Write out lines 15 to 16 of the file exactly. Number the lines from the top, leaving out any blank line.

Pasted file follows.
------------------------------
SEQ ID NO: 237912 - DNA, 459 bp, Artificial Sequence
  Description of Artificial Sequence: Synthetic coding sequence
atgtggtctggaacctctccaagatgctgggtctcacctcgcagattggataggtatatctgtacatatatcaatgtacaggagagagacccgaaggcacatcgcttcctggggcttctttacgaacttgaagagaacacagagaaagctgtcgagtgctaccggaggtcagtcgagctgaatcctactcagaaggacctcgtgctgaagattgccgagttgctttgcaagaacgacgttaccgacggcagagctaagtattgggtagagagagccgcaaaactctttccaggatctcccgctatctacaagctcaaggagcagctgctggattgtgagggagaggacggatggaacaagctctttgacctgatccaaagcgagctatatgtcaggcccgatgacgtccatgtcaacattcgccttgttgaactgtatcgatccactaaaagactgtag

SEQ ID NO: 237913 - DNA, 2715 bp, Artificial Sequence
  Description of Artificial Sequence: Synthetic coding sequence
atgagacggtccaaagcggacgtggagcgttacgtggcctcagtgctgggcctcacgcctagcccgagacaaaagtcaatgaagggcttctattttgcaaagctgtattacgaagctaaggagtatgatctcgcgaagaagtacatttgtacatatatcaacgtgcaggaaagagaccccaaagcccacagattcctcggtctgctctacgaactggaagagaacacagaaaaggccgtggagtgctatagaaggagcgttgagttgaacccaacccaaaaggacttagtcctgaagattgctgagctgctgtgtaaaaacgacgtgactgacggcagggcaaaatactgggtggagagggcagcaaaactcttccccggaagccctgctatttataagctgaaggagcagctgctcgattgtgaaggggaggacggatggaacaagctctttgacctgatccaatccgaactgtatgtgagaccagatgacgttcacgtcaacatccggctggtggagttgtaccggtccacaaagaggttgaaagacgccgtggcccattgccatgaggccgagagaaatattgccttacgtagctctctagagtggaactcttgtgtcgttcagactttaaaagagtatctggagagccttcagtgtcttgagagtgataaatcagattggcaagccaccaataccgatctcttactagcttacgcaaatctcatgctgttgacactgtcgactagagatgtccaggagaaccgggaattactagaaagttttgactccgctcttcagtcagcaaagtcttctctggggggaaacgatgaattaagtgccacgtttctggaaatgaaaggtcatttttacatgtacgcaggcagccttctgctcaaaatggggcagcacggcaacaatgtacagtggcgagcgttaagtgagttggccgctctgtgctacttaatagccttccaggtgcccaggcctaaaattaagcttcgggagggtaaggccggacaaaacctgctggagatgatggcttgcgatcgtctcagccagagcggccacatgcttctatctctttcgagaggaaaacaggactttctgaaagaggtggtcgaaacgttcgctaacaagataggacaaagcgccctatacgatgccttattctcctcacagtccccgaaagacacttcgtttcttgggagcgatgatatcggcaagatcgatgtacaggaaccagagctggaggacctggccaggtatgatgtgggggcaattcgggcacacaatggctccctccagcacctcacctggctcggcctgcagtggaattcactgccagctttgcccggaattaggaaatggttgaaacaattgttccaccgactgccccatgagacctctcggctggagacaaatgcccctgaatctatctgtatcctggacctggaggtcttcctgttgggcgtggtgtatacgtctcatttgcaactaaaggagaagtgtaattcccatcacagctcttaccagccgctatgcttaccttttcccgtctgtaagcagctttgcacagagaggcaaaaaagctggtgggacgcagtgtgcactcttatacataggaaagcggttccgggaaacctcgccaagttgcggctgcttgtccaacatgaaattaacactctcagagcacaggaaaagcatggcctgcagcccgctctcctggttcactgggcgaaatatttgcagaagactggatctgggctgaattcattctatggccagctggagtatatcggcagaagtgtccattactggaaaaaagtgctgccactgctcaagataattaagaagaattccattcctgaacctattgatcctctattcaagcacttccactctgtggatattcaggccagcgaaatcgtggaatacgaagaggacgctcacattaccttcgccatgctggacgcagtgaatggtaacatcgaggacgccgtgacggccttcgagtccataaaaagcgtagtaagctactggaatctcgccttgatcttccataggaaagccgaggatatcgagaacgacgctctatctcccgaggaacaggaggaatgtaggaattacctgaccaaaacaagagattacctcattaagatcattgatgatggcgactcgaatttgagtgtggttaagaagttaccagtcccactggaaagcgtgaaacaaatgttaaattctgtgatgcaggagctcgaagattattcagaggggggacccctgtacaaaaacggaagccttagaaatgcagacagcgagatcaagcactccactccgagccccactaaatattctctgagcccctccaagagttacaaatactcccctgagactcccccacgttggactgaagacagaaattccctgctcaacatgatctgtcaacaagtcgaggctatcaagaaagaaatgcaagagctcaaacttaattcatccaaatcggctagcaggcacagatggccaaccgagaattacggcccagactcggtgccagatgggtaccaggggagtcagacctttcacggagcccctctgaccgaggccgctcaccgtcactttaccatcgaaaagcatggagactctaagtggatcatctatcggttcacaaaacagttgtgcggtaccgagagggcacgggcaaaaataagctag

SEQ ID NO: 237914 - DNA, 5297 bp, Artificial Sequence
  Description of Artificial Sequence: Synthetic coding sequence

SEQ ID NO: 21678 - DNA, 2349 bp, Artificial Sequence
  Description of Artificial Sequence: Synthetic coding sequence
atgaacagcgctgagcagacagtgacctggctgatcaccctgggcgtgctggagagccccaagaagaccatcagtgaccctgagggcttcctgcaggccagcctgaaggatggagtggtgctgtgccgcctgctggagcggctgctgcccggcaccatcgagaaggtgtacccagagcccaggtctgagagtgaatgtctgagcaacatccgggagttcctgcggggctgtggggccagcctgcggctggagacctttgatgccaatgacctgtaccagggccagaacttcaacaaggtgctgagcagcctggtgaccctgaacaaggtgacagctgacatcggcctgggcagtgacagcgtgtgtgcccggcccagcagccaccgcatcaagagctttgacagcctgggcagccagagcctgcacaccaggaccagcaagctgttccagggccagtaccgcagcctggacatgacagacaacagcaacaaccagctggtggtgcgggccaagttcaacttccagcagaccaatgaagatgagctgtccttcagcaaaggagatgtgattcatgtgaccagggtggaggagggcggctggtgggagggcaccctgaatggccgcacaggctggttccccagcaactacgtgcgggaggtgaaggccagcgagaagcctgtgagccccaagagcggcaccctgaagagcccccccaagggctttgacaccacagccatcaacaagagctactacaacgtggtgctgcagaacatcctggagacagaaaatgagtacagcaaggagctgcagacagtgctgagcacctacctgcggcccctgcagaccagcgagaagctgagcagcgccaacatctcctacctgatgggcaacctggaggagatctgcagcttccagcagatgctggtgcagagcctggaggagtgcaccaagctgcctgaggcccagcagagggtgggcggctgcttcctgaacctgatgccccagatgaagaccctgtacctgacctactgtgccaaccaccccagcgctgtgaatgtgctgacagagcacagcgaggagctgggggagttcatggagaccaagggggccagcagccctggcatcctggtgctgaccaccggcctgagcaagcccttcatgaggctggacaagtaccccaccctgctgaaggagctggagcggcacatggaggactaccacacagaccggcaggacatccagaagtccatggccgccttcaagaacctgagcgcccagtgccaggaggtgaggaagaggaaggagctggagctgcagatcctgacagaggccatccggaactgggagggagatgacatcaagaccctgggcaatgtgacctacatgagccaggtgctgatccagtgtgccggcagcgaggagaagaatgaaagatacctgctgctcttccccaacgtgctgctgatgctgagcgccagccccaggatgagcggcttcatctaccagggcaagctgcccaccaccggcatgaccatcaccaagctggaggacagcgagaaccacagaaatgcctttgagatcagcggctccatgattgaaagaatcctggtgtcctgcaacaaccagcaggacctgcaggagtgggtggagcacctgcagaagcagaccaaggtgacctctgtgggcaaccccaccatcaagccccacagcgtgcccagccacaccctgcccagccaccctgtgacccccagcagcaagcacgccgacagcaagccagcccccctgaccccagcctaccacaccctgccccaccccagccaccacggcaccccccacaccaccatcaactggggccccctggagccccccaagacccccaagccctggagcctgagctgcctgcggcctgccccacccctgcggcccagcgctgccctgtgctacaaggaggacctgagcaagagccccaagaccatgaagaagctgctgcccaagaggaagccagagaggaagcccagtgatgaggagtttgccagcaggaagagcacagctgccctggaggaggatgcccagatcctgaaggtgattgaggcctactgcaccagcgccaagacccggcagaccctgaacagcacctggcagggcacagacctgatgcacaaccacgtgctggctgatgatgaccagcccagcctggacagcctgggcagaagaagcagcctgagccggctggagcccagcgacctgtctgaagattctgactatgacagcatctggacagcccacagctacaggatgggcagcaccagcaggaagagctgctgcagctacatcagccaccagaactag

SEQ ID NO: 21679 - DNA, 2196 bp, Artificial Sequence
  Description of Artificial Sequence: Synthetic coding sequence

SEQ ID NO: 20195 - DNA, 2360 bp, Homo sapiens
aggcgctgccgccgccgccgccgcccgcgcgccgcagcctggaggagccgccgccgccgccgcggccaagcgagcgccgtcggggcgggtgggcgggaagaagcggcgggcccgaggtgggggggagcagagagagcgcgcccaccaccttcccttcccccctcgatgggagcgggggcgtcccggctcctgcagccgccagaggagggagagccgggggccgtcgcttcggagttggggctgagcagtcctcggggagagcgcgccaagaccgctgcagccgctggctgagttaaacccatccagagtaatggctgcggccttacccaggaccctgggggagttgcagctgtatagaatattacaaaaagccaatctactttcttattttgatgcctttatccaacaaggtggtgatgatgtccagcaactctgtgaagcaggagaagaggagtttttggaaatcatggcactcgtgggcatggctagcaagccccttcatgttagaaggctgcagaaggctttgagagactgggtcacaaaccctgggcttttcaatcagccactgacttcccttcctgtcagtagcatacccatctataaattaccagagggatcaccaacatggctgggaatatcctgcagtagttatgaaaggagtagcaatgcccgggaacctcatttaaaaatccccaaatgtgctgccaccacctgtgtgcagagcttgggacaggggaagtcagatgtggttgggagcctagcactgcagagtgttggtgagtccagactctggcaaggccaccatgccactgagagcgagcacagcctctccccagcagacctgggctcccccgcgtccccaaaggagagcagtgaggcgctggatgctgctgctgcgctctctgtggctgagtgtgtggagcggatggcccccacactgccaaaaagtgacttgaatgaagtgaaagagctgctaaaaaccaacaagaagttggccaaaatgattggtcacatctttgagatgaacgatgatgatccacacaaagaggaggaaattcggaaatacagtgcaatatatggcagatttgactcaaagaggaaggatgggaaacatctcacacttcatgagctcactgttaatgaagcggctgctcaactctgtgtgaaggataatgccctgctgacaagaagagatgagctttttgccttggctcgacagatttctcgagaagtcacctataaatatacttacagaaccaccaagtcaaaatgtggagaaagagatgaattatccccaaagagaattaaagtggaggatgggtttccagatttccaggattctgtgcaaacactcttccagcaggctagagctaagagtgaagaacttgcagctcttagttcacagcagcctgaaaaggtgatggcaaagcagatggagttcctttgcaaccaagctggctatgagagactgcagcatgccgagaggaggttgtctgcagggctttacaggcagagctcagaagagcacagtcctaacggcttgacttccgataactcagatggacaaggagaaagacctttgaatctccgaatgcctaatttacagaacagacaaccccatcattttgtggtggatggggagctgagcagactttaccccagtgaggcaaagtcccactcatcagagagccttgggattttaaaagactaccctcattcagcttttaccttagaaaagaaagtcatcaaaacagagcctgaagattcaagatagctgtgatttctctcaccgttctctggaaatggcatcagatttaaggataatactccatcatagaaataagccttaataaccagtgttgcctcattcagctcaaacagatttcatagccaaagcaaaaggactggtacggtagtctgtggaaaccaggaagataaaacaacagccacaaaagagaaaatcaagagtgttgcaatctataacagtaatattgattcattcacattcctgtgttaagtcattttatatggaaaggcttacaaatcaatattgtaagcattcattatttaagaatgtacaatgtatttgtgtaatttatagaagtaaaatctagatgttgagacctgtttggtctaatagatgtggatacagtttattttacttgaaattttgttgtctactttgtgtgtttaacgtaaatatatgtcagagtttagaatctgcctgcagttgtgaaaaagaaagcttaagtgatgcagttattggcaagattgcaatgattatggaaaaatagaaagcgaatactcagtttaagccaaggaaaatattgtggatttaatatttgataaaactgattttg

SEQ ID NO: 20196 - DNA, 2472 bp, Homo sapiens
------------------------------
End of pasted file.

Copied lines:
aggcgctgccgccgccgccgccgcccgcgcgccgcagcctggaggagccgccgccgccgccgcggccaagcgagcgccgtcggggcgggtgggcgggaagaagcggcgggcccgaggtgggggggagcagagagagcgcgcccaccaccttcccttcccccctcgatgggagcgggggcgtcccggctcctgcagccgccagaggagggagagccgggggccgtcgcttcggagttggggctgagcagtcctcggggagagcgcgccaagaccgctgcagccgctggctgagttaaacccatccagagtaatggctgcggccttacccaggaccctgggggagttgcagctgtatagaatattacaaaaagccaatctactttcttattttgatgcctttatccaacaaggtggtgatgatgtccagcaactctgtgaagcaggagaagaggagtttttggaaatcatggcactcgtgggcatggctagcaagccccttcatgttagaaggctgcagaaggctttgagagactgggtcacaaaccctgggcttttcaatcagccactgacttcccttcctgtcagtagcatacccatctataaattaccagagggatcaccaacatggctgggaatatcctgcagtagttatgaaaggagtagcaatgcccgggaacctcatttaaaaatccccaaatgtgctgccaccacctgtgtgcagagcttgggacaggggaagtcagatgtggttgggagcctagcactgcagagtgttggtgagtccagactctggcaaggccaccatgccactgagagcgagcacagcctctccccagcagacctgggctcccccgcgtccccaaaggagagcagtgaggcgctggatgctgctgctgcgctctctgtggctgagtgtgtggagcggatggcccccacactgccaaaaagtgacttgaatgaagtgaaagagctgctaaaaaccaacaagaagttggccaaaatgattggtcacatctttgagatgaacgatgatgatccacacaaagaggaggaaattcggaaatacagtgcaatatatggcagatttgactcaaagaggaaggatgggaaacatctcacacttcatgagctcactgttaatgaagcggctgctcaactctgtgtgaaggataatgccctgctgacaagaagagatgagctttttgccttggctcgacagatttctcgagaagtcacctataaatatacttacagaaccaccaagtcaaaatgtggagaaagagatgaattatccccaaagagaattaaagtggaggatgggtttccagatttccaggattctgtgcaaacactcttccagcaggctagagctaagagtgaagaacttgcagctcttagttcacagcagcctgaaaaggtgatggcaaagcagatggagttcctttgcaaccaagctggctatgagagactgcagcatgccgagaggaggttgtctgcagggctttacaggcagagctcagaagagcacagtcctaacggcttgacttccgataactcagatggacaaggagaaagacctttgaatctccgaatgcctaatttacagaacagacaaccccatcattttgtggtggatggggagctgagcagactttaccccagtgaggcaaagtcccactcatcagagagccttgggattttaaaagactaccctcattcagcttttaccttagaaaagaaagtcatcaaaacagagcctgaagattcaagatagctgtgatttctctcaccgttctctggaaatggcatcagatttaaggataatactccatcatagaaataagccttaataaccagtgttgcctcattcagctcaaacagatttcatagccaaagcaaaaggactggtacggtagtctgtggaaaccaggaagataaaacaacagccacaaaagagaaaatcaagagtgttgcaatctataacagtaatattgattcattcacattcctgtgttaagtcattttatatggaaaggcttacaaatcaatattgtaagcattcattatttaagaatgtacaatgtatttgtgtaatttatagaagtaaaatctagatgttgagacctgtttggtctaatagatgtggatacagtttattttacttgaaattttgttgtctactttgtgtgtttaacgtaaatatatgtcagagtttagaatctgcctgcagttgtgaaaaagaaagcttaagtgatgcagttattggcaagattgcaatgattatggaaaaatagaaagcgaatactcagtttaagccaaggaaaatattgtggatttaatatttgataaaactgattttg

SEQ ID NO: 20196 - DNA, 2472 bp, Homo sapiens